Dating all the way back to 1877, one of the most distinctive features of the esteemed sporting competition is the very strict dress code imposed on the players who take part.
It is a well-known fact that participants must wear all-white outfits when they walk onto the court.
However, there’s more to the guidelines than simply wearing an ensemble that’s devoid of all colour.
Players must be careful about the specific shade of white that they wear, as clothes that are off-white or cream in colour are not permitted.
Furthermore, the tournament outlines very specific rules about the amount of colour that’s allowed when featured on necklines, the cuffs of sleeves or headbands.
Strips of colour can be no wider than a single centimetre, and logos on clothing that consist of patterns are not allowed.
So, where did the all-white dress code at Wimbledon come from?
Here’s everything you need to know:
The history of the dress code
The notion of “tennis whites” dates back to the 1800s, when people would play tennis at social events.
Players wore white in order to avoid sweat patches appearing on coloured clothing, as Valerie Warren explains in Tennis Fashions: Over 125 Years of Costume Change.
“One problem which simply had to be addressed very early on was that of perspiration,” Warren writes.
“As increased skill at the game led to more movement on court, this in turn led to the dreaded problem of perspiration causing the appearance of embarrassing damp patches on coloured fabrics.”
According to Warren, the rule was imposed specifically with women in mind as it was “quite unthinkable that a lady should be seen to perspire.”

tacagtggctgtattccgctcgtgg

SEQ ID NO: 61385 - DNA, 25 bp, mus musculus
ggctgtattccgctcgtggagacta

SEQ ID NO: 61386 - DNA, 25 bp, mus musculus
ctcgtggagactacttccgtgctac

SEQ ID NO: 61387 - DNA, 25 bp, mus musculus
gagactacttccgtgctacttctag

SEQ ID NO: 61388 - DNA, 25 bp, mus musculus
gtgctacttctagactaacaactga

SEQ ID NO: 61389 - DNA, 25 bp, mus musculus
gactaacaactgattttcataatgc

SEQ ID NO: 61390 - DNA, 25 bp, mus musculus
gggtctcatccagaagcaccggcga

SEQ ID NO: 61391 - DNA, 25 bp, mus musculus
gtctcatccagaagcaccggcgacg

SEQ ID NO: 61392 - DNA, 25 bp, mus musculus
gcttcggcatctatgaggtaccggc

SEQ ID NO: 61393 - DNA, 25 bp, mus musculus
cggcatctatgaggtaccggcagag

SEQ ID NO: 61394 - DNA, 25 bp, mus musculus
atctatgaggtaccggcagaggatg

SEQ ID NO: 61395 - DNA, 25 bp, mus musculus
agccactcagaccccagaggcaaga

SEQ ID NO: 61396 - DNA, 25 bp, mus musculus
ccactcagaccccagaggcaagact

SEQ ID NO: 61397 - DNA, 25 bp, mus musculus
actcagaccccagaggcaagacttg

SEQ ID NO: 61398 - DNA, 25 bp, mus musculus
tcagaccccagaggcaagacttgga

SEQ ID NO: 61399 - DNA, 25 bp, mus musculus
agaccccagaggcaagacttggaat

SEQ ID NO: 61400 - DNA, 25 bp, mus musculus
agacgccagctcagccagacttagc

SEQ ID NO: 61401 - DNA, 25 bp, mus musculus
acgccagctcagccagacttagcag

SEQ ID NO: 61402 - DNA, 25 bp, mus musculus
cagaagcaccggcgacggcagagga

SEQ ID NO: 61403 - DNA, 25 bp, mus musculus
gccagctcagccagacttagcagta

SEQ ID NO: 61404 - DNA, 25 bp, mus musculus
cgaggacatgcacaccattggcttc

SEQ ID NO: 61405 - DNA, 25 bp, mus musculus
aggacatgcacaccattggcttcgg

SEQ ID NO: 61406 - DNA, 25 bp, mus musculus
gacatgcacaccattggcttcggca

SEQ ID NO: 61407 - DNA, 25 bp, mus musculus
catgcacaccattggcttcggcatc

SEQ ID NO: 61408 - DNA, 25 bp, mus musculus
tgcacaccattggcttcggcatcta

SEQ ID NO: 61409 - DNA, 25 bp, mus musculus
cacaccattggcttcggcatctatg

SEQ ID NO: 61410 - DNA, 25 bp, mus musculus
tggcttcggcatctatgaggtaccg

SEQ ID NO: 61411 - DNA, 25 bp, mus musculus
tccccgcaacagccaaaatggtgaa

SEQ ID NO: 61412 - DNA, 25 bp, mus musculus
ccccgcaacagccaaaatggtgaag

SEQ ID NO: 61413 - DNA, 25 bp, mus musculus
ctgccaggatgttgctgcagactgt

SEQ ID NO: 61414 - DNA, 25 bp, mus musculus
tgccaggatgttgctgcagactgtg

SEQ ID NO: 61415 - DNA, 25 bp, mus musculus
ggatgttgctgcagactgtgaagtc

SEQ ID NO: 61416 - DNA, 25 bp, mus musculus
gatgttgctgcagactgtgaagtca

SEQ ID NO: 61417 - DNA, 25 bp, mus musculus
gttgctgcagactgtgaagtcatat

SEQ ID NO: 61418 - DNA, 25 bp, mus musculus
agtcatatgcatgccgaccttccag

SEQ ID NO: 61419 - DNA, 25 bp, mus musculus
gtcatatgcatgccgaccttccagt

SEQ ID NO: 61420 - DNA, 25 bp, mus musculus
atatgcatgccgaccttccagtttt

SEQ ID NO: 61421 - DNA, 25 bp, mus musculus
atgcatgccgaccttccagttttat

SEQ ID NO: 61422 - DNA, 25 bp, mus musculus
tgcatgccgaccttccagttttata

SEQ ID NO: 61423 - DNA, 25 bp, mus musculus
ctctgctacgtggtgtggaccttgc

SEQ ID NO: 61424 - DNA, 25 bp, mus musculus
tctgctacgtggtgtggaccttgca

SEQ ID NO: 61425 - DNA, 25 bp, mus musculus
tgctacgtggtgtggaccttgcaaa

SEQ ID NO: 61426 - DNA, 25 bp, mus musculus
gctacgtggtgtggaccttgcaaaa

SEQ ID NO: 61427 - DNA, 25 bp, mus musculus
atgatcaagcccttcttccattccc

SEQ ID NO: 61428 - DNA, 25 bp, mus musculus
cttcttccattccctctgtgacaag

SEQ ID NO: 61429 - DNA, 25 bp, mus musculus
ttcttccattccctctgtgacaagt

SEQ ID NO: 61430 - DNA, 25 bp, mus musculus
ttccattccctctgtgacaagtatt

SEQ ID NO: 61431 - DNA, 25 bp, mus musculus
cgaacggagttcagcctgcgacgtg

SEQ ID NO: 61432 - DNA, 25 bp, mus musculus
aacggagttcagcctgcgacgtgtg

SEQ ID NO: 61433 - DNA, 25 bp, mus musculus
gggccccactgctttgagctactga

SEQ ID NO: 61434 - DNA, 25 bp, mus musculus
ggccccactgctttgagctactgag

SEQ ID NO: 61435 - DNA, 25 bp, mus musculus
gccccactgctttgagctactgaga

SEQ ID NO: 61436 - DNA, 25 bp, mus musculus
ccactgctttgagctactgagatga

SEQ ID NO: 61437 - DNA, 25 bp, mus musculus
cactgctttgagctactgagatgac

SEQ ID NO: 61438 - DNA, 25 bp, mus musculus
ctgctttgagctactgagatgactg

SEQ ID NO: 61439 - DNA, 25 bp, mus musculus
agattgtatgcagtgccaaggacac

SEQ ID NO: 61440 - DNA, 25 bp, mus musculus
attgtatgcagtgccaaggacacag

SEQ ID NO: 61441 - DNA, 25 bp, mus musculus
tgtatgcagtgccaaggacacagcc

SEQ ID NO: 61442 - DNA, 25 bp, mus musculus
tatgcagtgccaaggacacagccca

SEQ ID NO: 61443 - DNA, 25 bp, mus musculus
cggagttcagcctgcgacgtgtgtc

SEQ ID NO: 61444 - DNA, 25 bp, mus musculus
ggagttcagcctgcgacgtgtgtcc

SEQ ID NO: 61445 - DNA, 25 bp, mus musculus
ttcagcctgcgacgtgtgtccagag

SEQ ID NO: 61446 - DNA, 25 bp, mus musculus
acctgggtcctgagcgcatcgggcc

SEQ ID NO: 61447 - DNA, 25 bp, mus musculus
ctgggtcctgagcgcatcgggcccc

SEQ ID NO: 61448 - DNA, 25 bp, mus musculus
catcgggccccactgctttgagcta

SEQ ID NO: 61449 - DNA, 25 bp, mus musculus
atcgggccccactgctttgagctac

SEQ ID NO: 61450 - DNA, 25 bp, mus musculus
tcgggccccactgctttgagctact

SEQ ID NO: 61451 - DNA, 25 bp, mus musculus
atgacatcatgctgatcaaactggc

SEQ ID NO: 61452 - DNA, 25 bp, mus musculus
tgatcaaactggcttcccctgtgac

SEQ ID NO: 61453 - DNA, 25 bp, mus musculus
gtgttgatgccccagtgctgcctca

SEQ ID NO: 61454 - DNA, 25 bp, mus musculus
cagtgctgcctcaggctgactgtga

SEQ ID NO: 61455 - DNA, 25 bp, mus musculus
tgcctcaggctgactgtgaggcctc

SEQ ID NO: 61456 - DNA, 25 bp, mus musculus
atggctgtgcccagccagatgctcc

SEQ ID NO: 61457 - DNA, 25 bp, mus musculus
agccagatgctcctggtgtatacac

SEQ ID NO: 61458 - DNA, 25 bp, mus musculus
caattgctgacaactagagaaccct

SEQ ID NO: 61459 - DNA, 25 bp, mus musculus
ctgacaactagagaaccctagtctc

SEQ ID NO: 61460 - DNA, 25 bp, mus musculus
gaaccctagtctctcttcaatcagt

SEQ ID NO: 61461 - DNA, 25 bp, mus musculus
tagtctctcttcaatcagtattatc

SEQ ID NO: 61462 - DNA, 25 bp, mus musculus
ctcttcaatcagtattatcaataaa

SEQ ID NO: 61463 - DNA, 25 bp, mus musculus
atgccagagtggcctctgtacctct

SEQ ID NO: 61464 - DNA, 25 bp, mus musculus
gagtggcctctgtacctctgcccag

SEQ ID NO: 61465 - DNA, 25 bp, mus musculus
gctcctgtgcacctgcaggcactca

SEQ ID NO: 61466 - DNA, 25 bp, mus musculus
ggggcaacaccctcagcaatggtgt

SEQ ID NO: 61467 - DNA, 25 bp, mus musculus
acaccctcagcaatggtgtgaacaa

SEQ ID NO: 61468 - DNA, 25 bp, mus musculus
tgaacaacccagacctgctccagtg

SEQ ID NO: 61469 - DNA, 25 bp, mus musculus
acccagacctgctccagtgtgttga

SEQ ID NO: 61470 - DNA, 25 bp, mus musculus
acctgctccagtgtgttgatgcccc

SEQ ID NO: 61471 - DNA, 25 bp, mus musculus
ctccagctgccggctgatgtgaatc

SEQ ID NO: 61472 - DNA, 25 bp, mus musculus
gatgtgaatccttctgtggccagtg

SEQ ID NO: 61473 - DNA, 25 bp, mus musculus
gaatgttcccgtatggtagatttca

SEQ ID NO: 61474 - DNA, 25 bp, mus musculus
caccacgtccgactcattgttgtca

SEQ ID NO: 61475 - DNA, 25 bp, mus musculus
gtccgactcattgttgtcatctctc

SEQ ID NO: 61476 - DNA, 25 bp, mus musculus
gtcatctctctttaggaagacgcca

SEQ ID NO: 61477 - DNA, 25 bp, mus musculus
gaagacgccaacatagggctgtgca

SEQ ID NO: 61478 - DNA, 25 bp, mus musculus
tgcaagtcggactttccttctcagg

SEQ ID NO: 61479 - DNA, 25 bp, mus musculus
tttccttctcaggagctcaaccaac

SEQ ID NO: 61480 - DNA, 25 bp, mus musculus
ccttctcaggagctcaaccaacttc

The Wimbledon rules
In 2014, Wimbledon issued a 10-part “decree” of new rules that players had to follow when dressing for their matches to supplement the all-white guideline that had already been in existence.
The decree included a number of new rules that players had to follow, including the specific shade of white that they’re allowed to wear.
However, it went even further, specifying the exact measurement of colour that competitors are permitted to wear while competing at SW19.
The rules now state that only a “single trim of colour” that’s no wider than one centimetre is allowed on the neckline, the cuff of sleeves, on headbands and on underwear.
The tournament also imposed stricter rules on visible undergarments, outlining that any underwear that’s visible during play must be strictly white.
This guideline extends to accessories such as caps, headbands, bandanas, wristbands and shoes, which includes the soles.
Former Wimbledon champion Pat Cash vehemently chastised the competition for its austere rules the same year that the updated guidelines were announced, after he was forced to pull out of the veterans’ competition on account of his shoes.
He described the dress code as “archaic thinking“, stating that he believes the rules were put into place in order to force the women to play without underwear.
Do the other Grand Slams have similar rules?
The US Open used to have an all-white dress code as well. However, this was changed in 1972 to allow coloured clothing.
The French Open is similarly liberal when it comes to its dress code.
While playing in the tournament, competitors must wear “acceptable tennis attire”, which includes wearing headwear that has been deemed as suitable by the umpire.
Only one logo is allowed on each sleeve of the players’ tops and any logos or designs on headwear must be “tennis specific”.